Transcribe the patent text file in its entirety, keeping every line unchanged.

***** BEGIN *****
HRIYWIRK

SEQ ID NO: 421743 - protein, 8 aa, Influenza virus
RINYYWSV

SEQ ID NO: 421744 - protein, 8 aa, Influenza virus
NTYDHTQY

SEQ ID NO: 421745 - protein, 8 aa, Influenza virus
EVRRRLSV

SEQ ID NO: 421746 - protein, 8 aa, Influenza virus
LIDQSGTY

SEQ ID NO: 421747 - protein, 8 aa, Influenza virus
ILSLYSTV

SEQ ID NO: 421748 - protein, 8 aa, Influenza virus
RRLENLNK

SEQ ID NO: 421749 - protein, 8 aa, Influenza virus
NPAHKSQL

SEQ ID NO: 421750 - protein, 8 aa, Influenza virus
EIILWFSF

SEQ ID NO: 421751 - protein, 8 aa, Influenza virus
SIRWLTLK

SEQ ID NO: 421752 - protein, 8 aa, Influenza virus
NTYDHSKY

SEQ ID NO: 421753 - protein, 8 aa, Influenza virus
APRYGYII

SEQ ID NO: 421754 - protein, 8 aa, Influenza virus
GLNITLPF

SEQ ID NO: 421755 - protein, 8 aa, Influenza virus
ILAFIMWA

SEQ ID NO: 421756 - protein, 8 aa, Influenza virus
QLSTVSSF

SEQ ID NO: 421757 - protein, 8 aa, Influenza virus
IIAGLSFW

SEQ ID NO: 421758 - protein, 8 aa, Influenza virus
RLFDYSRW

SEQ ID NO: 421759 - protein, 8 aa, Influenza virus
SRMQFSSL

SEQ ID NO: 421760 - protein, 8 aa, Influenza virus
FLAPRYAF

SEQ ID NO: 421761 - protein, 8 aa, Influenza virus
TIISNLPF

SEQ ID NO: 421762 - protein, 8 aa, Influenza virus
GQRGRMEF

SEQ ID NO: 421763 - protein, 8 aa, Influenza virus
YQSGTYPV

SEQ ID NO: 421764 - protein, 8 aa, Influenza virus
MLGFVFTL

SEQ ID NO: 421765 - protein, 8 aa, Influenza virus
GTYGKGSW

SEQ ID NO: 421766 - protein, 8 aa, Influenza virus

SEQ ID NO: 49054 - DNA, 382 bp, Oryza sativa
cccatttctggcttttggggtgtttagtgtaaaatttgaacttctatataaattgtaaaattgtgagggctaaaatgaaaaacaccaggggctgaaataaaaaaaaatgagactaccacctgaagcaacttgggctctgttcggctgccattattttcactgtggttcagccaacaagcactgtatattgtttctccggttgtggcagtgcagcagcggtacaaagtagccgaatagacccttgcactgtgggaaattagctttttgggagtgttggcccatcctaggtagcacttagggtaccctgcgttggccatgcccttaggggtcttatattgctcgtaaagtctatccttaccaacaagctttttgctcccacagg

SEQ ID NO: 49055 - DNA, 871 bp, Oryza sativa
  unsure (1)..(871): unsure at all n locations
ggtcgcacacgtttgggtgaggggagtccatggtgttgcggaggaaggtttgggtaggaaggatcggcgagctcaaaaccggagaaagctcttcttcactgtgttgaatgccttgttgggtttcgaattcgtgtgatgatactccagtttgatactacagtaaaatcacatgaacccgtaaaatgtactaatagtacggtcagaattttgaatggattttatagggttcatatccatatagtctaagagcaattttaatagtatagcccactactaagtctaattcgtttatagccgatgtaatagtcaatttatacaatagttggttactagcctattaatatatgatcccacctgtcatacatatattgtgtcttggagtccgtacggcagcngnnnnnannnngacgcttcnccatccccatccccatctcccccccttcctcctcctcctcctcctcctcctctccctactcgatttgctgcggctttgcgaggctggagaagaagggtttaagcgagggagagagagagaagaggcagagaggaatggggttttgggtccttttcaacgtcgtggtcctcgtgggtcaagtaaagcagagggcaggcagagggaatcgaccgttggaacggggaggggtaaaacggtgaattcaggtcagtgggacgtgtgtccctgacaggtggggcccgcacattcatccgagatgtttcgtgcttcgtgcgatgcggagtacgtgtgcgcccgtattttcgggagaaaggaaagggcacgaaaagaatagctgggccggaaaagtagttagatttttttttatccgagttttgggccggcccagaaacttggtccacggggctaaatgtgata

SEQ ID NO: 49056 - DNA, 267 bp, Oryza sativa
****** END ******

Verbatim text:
HRIYWIRK

SEQ ID NO: 421743 - protein, 8 aa, Influenza virus
RINYYWSV

SEQ ID NO: 421744 - protein, 8 aa, Influenza virus
NTYDHTQY

SEQ ID NO: 421745 - protein, 8 aa, Influenza virus
EVRRRLSV

SEQ ID NO: 421746 - protein, 8 aa, Influenza virus
LIDQSGTY

SEQ ID NO: 421747 - protein, 8 aa, Influenza virus
ILSLYSTV

SEQ ID NO: 421748 - protein, 8 aa, Influenza virus
RRLENLNK

SEQ ID NO: 421749 - protein, 8 aa, Influenza virus
NPAHKSQL

SEQ ID NO: 421750 - protein, 8 aa, Influenza virus
EIILWFSF

SEQ ID NO: 421751 - protein, 8 aa, Influenza virus
SIRWLTLK

SEQ ID NO: 421752 - protein, 8 aa, Influenza virus
NTYDHSKY

SEQ ID NO: 421753 - protein, 8 aa, Influenza virus
APRYGYII

SEQ ID NO: 421754 - protein, 8 aa, Influenza virus
GLNITLPF

SEQ ID NO: 421755 - protein, 8 aa, Influenza virus
ILAFIMWA

SEQ ID NO: 421756 - protein, 8 aa, Influenza virus
QLSTVSSF

SEQ ID NO: 421757 - protein, 8 aa, Influenza virus
IIAGLSFW

SEQ ID NO: 421758 - protein, 8 aa, Influenza virus
RLFDYSRW

SEQ ID NO: 421759 - protein, 8 aa, Influenza virus
SRMQFSSL

SEQ ID NO: 421760 - protein, 8 aa, Influenza virus
FLAPRYAF

SEQ ID NO: 421761 - protein, 8 aa, Influenza virus
TIISNLPF

SEQ ID NO: 421762 - protein, 8 aa, Influenza virus
GQRGRMEF

SEQ ID NO: 421763 - protein, 8 aa, Influenza virus
YQSGTYPV

SEQ ID NO: 421764 - protein, 8 aa, Influenza virus
MLGFVFTL

SEQ ID NO: 421765 - protein, 8 aa, Influenza virus
GTYGKGSW

SEQ ID NO: 421766 - protein, 8 aa, Influenza virus

SEQ ID NO: 49054 - DNA, 382 bp, Oryza sativa
cccatttctggcttttggggtgtttagtgtaaaatttgaacttctatataaattgtaaaattgtgagggctaaaatgaaaaacaccaggggctgaaataaaaaaaaatgagactaccacctgaagcaacttgggctctgttcggctgccattattttcactgtggttcagccaacaagcactgtatattgtttctccggttgtggcagtgcagcagcggtacaaagtagccgaatagacccttgcactgtgggaaattagctttttgggagtgttggcccatcctaggtagcacttagggtaccctgcgttggccatgcccttaggggtcttatattgctcgtaaagtctatccttaccaacaagctttttgctcccacagg

SEQ ID NO: 49055 - DNA, 871 bp, Oryza sativa
  unsure (1)..(871): unsure at all n locations
ggtcgcacacgtttgggtgaggggagtccatggtgttgcggaggaaggtttgggtaggaaggatcggcgagctcaaaaccggagaaagctcttcttcactgtgttgaatgccttgttgggtttcgaattcgtgtgatgatactccagtttgatactacagtaaaatcacatgaacccgtaaaatgtactaatagtacggtcagaattttgaatggattttatagggttcatatccatatagtctaagagcaattttaatagtatagcccactactaagtctaattcgtttatagccgatgtaatagtcaatttatacaatagttggttactagcctattaatatatgatcccacctgtcatacatatattgtgtcttggagtccgtacggcagcngnnnnnannnngacgcttcnccatccccatccccatctcccccccttcctcctcctcctcctcctcctcctctccctactcgatttgctgcggctttgcgaggctggagaagaagggtttaagcgagggagagagagagaagaggcagagaggaatggggttttgggtccttttcaacgtcgtggtcctcgtgggtcaagtaaagcagagggcaggcagagggaatcgaccgttggaacggggaggggtaaaacggtgaattcaggtcagtgggacgtgtgtccctgacaggtggggcccgcacattcatccgagatgtttcgtgcttcgtgcgatgcggagtacgtgtgcgcccgtattttcgggagaaaggaaagggcacgaaaagaatagctgggccggaaaagtagttagatttttttttatccgagttttgggccggcccagaaacttggtccacggggctaaatgtgata

SEQ ID NO: 49056 - DNA, 267 bp, Oryza sativa